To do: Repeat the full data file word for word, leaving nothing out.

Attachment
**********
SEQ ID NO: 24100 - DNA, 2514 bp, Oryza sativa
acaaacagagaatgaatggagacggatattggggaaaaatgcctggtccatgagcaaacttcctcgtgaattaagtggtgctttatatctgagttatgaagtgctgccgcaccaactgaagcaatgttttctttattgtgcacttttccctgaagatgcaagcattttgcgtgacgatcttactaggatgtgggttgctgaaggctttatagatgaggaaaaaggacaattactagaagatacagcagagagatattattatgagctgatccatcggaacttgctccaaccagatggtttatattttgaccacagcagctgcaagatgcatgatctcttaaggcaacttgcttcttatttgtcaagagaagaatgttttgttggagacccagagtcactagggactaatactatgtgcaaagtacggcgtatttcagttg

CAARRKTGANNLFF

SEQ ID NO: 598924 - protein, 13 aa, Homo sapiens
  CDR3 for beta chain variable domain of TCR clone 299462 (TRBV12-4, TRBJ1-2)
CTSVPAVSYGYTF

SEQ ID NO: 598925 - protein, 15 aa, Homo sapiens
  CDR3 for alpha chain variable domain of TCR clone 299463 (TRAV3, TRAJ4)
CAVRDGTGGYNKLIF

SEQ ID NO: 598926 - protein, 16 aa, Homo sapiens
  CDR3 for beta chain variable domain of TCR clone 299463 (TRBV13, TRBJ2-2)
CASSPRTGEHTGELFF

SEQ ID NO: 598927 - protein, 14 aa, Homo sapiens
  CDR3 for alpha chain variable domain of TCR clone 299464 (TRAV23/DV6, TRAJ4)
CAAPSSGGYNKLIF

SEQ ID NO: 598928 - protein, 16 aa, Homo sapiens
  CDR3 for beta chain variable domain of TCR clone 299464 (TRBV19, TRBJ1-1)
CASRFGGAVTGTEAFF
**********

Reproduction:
SEQ ID NO: 24100 - DNA, 2514 bp, Oryza sativa
acaaacagagaatgaatggagacggatattggggaaaaatgcctggtccatgagcaaacttcctcgtgaattaagtggtgctttatatctgagttatgaagtgctgccgcaccaactgaagcaatgttttctttattgtgcacttttccctgaagatgcaagcattttgcgtgacgatcttactaggatgtgggttgctgaaggctttatagatgaggaaaaaggacaattactagaagatacagcagagagatattattatgagctgatccatcggaacttgctccaaccagatggtttatattttgaccacagcagctgcaagatgcatgatctcttaaggcaacttgcttcttatttgtcaagagaagaatgttttgttggagacccagagtcactagggactaatactatgtgcaaagtacggcgtatttcagttg

CAARRKTGANNLFF

SEQ ID NO: 598924 - protein, 13 aa, Homo sapiens
  CDR3 for beta chain variable domain of TCR clone 299462 (TRBV12-4, TRBJ1-2)
CTSVPAVSYGYTF

SEQ ID NO: 598925 - protein, 15 aa, Homo sapiens
  CDR3 for alpha chain variable domain of TCR clone 299463 (TRAV3, TRAJ4)
CAVRDGTGGYNKLIF

SEQ ID NO: 598926 - protein, 16 aa, Homo sapiens
  CDR3 for beta chain variable domain of TCR clone 299463 (TRBV13, TRBJ2-2)
CASSPRTGEHTGELFF

SEQ ID NO: 598927 - protein, 14 aa, Homo sapiens
  CDR3 for alpha chain variable domain of TCR clone 299464 (TRAV23/DV6, TRAJ4)
CAAPSSGGYNKLIF

SEQ ID NO: 598928 - protein, 16 aa, Homo sapiens
  CDR3 for beta chain variable domain of TCR clone 299464 (TRBV19, TRBJ1-1)
CASRFGGAVTGTEAFF